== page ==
Even his vice president, Hamilton Mourão, a former general, expressed his thoughts on Mr. Bolsonaro’s final days as president in his farewell speech to the nation on Saturday night.

“Leaders that should reassure and unite the nation around a project for the country have let their silence or inopportune and harmful protagonism create a climate of chaos and social disintegration,” Mr. Mourão said.

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4 Responses

  1. Lula is a criminal who was taken out of prison and launched as president of the Brazilian nation through fraudulent elections.

  2. This whole article is a propaganda piece

    Lula is a communist and this is a communist coup

    Great Game Media is now garbage propaganda outlet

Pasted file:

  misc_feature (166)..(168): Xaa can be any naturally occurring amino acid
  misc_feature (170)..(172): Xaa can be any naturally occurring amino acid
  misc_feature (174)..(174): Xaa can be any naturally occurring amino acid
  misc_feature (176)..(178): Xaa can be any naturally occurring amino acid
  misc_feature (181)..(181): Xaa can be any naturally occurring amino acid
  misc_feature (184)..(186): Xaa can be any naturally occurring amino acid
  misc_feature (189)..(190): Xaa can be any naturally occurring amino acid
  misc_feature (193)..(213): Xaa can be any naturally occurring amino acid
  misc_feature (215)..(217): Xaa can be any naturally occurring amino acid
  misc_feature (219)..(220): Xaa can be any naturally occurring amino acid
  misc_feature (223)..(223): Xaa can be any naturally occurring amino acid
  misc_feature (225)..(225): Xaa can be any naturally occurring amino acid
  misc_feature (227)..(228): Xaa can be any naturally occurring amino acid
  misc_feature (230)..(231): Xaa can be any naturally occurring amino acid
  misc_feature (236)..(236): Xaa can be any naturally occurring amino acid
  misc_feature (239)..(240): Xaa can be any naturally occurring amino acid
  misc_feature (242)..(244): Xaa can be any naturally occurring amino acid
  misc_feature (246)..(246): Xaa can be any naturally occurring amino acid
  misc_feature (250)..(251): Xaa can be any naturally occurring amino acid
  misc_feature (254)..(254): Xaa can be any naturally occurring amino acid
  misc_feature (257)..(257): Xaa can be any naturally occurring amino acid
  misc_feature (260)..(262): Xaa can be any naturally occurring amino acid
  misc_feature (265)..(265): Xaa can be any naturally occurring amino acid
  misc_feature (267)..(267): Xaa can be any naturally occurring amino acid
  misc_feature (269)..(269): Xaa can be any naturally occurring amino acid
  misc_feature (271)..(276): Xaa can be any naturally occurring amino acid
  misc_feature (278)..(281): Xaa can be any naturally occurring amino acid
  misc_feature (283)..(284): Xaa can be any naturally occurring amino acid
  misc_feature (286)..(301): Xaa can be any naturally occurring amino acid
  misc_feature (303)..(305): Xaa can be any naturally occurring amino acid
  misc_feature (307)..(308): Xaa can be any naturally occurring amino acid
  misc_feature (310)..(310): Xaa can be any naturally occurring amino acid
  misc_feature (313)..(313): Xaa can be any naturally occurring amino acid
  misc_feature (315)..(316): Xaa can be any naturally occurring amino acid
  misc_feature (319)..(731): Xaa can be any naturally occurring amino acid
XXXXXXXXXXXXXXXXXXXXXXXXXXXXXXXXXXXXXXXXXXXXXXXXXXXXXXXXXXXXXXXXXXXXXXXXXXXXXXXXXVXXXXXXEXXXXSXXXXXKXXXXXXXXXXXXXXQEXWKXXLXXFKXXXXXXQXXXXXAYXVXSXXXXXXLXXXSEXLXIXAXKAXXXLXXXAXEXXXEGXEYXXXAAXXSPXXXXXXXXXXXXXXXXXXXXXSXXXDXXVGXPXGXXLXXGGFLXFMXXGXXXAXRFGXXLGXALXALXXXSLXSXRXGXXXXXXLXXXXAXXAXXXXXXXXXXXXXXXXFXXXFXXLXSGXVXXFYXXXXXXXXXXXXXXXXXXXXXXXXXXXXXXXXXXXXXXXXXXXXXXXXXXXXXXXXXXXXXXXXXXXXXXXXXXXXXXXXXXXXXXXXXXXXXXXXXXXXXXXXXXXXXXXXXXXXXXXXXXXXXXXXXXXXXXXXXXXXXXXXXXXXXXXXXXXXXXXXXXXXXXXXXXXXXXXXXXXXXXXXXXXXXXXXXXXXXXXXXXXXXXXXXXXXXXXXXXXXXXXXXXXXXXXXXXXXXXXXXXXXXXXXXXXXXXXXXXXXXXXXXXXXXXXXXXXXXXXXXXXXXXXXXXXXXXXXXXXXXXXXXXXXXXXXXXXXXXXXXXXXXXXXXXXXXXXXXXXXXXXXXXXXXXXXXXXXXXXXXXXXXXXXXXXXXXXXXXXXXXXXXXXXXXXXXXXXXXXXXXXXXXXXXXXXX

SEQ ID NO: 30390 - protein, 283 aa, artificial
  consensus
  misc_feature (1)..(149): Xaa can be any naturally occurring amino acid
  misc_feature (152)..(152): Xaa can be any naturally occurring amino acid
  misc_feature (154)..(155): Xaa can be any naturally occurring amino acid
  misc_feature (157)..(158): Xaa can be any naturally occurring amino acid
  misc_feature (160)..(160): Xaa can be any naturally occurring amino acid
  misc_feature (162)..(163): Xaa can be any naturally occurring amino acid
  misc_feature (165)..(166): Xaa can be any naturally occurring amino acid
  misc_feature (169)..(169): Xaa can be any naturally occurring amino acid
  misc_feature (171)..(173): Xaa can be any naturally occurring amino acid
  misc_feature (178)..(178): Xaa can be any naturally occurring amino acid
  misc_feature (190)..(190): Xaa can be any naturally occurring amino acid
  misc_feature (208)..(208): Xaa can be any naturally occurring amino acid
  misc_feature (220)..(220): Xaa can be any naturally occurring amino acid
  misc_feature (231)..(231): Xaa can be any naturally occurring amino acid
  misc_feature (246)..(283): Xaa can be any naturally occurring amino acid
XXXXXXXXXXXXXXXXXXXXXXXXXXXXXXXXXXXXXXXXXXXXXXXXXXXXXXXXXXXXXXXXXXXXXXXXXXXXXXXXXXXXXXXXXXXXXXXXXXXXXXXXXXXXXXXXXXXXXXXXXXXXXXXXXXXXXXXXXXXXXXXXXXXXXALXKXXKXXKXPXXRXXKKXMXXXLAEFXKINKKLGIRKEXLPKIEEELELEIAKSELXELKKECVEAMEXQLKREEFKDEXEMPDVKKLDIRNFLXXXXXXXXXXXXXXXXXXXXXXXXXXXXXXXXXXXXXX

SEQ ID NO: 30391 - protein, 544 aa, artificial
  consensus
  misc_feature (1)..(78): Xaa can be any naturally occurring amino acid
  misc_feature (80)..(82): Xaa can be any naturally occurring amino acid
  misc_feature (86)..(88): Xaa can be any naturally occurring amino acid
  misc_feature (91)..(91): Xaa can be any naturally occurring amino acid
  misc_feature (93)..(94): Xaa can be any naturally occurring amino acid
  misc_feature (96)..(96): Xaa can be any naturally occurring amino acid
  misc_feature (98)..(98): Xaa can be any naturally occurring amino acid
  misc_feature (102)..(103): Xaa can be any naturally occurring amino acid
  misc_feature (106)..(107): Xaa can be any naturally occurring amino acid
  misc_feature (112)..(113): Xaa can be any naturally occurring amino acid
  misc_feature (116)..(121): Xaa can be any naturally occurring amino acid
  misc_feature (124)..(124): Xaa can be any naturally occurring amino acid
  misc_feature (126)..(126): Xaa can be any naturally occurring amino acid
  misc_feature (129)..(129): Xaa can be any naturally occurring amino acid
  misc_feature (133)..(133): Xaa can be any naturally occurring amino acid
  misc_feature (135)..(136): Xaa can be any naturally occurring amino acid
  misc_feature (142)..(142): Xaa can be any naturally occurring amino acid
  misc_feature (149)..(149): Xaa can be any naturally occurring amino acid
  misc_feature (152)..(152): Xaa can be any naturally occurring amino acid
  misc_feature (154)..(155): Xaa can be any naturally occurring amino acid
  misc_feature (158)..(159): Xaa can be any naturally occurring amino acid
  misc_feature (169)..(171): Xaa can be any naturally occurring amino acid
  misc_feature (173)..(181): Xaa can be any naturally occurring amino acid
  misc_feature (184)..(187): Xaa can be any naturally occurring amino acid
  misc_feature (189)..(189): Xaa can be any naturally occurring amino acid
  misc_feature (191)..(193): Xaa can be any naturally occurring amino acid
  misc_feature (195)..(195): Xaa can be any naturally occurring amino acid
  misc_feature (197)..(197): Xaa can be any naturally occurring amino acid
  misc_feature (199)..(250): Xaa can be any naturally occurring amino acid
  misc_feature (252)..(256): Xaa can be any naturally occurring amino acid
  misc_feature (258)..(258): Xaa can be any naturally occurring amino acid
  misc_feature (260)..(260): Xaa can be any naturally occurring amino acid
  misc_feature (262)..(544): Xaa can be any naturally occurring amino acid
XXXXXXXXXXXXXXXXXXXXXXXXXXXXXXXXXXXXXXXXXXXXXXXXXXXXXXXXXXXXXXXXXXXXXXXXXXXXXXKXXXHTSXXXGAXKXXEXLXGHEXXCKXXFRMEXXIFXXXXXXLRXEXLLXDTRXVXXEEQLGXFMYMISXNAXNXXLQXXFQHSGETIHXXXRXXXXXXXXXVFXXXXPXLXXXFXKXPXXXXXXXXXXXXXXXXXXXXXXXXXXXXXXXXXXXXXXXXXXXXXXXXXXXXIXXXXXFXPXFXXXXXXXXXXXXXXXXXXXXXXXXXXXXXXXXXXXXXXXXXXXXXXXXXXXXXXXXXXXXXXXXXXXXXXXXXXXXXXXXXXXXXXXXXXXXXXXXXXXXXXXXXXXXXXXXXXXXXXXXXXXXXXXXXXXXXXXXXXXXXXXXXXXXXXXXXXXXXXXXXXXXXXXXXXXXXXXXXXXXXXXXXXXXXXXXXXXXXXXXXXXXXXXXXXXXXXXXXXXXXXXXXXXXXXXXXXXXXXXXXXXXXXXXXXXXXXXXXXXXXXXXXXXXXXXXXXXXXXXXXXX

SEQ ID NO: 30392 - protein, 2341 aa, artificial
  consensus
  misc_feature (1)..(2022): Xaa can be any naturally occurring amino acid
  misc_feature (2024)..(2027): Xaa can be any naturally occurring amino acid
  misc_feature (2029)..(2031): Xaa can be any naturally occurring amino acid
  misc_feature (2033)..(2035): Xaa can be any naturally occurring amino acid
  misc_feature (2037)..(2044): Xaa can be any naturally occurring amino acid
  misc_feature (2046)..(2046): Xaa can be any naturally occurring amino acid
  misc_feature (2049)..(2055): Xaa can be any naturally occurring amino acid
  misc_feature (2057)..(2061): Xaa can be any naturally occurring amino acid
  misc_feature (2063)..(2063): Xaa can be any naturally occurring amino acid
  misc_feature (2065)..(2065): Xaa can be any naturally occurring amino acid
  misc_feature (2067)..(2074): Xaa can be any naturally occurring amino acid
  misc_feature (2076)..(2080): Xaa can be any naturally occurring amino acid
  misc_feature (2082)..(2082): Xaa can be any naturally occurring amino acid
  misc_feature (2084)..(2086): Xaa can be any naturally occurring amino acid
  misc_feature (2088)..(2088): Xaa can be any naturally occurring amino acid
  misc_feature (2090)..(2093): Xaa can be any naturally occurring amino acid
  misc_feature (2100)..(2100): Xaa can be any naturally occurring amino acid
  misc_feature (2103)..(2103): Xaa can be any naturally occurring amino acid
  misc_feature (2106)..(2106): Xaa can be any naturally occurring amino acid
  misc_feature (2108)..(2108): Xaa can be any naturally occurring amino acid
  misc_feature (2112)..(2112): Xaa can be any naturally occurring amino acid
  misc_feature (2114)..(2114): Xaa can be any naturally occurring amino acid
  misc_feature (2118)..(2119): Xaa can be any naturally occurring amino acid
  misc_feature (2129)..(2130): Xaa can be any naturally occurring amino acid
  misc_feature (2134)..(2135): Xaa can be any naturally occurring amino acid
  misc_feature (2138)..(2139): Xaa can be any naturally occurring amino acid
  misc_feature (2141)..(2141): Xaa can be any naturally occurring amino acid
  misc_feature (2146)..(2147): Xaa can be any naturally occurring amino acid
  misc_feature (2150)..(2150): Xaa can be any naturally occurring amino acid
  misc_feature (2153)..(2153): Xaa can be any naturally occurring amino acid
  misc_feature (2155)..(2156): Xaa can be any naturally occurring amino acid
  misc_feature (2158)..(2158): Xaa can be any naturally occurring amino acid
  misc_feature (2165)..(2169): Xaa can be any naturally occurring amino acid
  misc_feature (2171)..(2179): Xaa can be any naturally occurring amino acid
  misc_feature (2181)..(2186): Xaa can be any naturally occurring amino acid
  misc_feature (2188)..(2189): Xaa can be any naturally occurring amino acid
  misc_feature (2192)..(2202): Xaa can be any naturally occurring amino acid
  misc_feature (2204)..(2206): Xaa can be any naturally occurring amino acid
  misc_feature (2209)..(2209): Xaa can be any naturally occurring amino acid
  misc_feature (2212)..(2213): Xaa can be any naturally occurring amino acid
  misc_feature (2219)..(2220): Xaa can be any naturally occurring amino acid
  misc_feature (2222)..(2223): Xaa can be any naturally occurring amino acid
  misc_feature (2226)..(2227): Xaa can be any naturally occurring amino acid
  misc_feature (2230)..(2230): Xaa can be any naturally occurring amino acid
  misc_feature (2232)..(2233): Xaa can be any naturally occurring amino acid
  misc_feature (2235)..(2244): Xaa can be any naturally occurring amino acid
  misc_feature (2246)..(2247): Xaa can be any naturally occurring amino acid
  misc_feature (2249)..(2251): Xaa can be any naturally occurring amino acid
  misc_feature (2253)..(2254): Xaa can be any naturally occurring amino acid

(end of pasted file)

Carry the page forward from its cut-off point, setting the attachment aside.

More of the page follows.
No different than CNN

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  4. I have to oppose this statement:
    “Before the election, Bolsonaro had made baseless claims about the integrity of Brazil’s voting systems,”
    Such a comment is straight from the World Economic Forum playbook and suggests Lula was installed in power to be the puppet of this world domination club for billionaire psychopaths. Bolsonaro’s claims could only be described as baseless if they had been investigated. In fact Brazil’s notoriously corrupt Supreme Court, packed with leftists by the convicted criminal Lula after his last period in office.
    Independent reports out of Brazil reveal that Lula’s recent campaign depended heavily on support from the country’s ruthless drug cartels, which tells us all we need to know about how Lula will govern in his second term of office.
    Brazil is heading for civil war.